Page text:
Sasun Steinbeck: LOL I wish! I started the list back in 2005, after I created my sculpture. I was looking for galleries to show it in. The only list available was the one Pathfinder Linden was maintaining - which had about a dozen LMs in a notecard. I searched out and found more galleries I kept sending him update after update, and eventually we agreed I should just take over maintenance of the list. It has grown right along with the art scene in SL - from a dozen galleries to 677 to date. Recently we figured if we spent only 10 minutes at each gallery, that would take... 112 HOURS to see them all, which is 4.7 DAYS of continuous art! And that’s just the ones on my list… there are probably upward of 900 altogether. I'm really happy to have seen the art scene in SL grow from practically nothing to this huge mass of artists, galleries, and art lovers today. Most of the art in SL is uploaded from RL, and then you have builders and sculptors who take advantage of what makes SL so special, but I think it amounts to the same thing – people who just love to share what they see with others. I still get a huge thrill when someone says they love my sculpture, or even better, when an SL artist says they were inspired by it. The community aspect of SL art is what attracts artists and keeps them here. It's such a great way chat about techniques and ideas, and best of all, find people to collaborate with - people you'd never bump into in RL, from all around the world.
I wondered what she likes best about SL, and what keeps her coming back for more.
Sasun Steinbeck: I love the feeling of innovation. Just when you think you've seen it all, someone does something that blows everyone's mind. And I'm very pleased that Filthy Fluno recently included a painting of my partner Galea Yates and I in his Venus series of portraits.
About a year ago, Filthy (in RL Jeffrey Lipsky) and his SL art business at Artropolis were featured in a NYT article.
Filthy Fluno: Its been an amazing year. I get 100's of people contacting me about the article asking all sorts of questions about me and my art. Sales went up and visibility went through the roof. I've known Sasun for 3 years. My first impression was that she was smart, fierce, and an art geek. If she was a painting she'd be Goya's "Saturn Devouring His Son". Community is important to me because as an artist, I like to be around other people with similar goals, struggles, and craziness. Gallery owners depend on communities to support them by showing up and buying art and sharing ideas. Sasun helps audiences get to the art. The difference between SL and RL? SL is more accessible for handicapped people, it's cheaper to do business here, and of course much nicer to TP than to commute!
I wondered if Sasun had any pet peeves about SL - apart from her perv aversion (see her profile picks!)
Sasun Steinbeck: That damn llTargetOmega bug! It causes textures that you rotate using the llTargetOmega LSL function to slowly get out of sync. This affects any artist that creates multi-prim objects with rotating textures that need to be in sync. It mostly affects my sculpture so, for me, I really really really wish they'd fix it! But it's been years, and I've given up hope that they will.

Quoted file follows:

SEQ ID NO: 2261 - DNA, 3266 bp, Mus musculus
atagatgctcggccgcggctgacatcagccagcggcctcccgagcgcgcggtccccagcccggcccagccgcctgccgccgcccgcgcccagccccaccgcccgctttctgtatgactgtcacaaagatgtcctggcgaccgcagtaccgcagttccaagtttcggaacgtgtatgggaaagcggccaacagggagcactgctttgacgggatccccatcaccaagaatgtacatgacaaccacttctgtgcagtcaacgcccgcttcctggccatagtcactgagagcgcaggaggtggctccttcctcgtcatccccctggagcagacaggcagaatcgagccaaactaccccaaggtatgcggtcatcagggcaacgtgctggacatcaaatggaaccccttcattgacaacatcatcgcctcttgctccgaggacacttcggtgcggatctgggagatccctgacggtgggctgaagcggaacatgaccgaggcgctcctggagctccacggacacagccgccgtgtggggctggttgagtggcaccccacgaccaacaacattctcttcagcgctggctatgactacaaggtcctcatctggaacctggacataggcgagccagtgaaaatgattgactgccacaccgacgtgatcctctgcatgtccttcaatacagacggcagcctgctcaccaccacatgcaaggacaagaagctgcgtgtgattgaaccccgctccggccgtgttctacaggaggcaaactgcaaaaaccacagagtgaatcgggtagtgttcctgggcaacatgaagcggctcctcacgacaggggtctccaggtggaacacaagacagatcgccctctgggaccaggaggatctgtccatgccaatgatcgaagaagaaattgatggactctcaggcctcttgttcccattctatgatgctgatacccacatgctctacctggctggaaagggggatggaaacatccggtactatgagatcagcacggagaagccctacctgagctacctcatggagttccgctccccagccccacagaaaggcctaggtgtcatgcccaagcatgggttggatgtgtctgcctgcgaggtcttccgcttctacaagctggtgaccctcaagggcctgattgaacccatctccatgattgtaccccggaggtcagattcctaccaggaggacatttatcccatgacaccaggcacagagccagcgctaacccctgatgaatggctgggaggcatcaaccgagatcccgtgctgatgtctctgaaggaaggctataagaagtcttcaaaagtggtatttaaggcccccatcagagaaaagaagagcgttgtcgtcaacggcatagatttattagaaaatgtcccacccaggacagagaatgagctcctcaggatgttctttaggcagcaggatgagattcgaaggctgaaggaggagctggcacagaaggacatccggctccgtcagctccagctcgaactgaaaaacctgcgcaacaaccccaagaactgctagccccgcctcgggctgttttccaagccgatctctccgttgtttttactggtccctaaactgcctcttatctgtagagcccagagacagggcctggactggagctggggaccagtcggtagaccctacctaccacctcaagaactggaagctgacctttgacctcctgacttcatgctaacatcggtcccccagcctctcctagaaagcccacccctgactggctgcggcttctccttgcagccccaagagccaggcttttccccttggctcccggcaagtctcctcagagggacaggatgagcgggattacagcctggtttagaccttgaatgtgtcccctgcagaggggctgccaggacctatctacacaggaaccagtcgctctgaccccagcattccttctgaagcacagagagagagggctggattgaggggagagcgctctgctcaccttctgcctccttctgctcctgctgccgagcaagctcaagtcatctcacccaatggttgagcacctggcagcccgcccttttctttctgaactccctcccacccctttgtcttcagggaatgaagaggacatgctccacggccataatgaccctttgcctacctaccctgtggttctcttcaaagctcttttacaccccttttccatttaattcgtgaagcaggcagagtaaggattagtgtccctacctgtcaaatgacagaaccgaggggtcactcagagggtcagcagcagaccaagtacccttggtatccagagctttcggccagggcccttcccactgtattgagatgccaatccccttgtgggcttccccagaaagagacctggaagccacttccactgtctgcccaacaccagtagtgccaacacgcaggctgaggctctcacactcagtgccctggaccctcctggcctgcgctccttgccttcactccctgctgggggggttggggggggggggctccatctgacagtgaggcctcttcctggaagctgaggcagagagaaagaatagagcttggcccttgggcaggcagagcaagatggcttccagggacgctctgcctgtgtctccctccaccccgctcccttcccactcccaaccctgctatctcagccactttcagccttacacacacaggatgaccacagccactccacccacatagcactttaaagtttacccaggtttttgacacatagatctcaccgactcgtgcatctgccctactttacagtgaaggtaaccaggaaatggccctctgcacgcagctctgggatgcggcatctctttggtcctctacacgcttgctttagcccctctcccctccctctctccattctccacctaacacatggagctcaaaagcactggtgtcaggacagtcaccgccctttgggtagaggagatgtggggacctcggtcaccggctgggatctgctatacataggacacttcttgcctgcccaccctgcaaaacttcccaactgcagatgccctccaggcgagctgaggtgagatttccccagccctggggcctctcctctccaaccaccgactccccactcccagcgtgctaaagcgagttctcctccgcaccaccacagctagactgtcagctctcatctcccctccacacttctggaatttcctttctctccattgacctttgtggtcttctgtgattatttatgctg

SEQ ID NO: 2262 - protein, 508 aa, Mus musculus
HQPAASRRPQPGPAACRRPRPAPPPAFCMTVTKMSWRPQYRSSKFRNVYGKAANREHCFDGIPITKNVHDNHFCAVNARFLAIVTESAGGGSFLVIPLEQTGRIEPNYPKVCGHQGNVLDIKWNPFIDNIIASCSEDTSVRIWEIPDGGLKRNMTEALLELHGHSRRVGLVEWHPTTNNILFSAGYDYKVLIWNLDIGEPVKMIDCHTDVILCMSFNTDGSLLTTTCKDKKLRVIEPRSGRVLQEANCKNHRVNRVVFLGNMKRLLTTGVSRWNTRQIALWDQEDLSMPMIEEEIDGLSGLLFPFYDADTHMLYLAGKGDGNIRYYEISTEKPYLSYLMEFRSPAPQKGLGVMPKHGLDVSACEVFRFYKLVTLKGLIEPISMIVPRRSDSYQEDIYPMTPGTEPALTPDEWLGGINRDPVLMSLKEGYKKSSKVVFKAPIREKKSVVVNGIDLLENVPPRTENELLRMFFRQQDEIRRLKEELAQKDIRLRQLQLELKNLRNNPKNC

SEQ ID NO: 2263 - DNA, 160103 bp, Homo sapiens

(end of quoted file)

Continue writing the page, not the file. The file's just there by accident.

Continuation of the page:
And the future?
Sasun Steinbeck: I think the Linden Endowment for the Arts is a fantastic initiative. I applied immediately, and wrote a huge resume to get me in!! I really really hope they select me for the committee because their goals and mine are closely aligned. From what I have read, the actual programis not well defined right now, and I'm sure they want feedback to do that. It's going to potentially make some big advancements on how art in SL is perceived by the outside world, as well as providing some fantastic resources to the artists in SL. I've been discussing with the Linden Community program the idea of dedicated space to preserve some of the art history of SL, and it looks like LL has recognized that need right off the bat, which is great. I'd be really curious to find out what prompted them to do this. Has some artist in SL been talking to M, or did it come up in some Linden office hours, or...? I wonder. I really love the way RL institutions like the University of Western Australia have created a genuine crossover. UWA are outstanding in promoting art in SL by offering awards to inworld artists every month. They invest so much work and fund-raising to provide very nice prizes - that kind of thing really encourages artists to be productive and keep creating fantastic works of art for us all to enjoy. One aspect of the growth and change is visual art that integrates music and sound. It's essential that artists trying to create a more participatory and immersive experience pay a LOT of attention to the audio parts of the artwork and that Linden Labs keep innovating on the SL platform to give artists and builders more cool stuff for their virtual creation toolbox. Music has such a profound power to influence our lives, and like visual artists, musicians love to share. That’s the motivation - it's not like they make a lot of money! Live entertainment draws the crowds at openings, and is a win-win both for the artists on display and the musicians. One thing I'm sure of - artists learn from each other, they inspire each other, study each other's techniques, and the "state of the art" of art in SL will just keep getting better.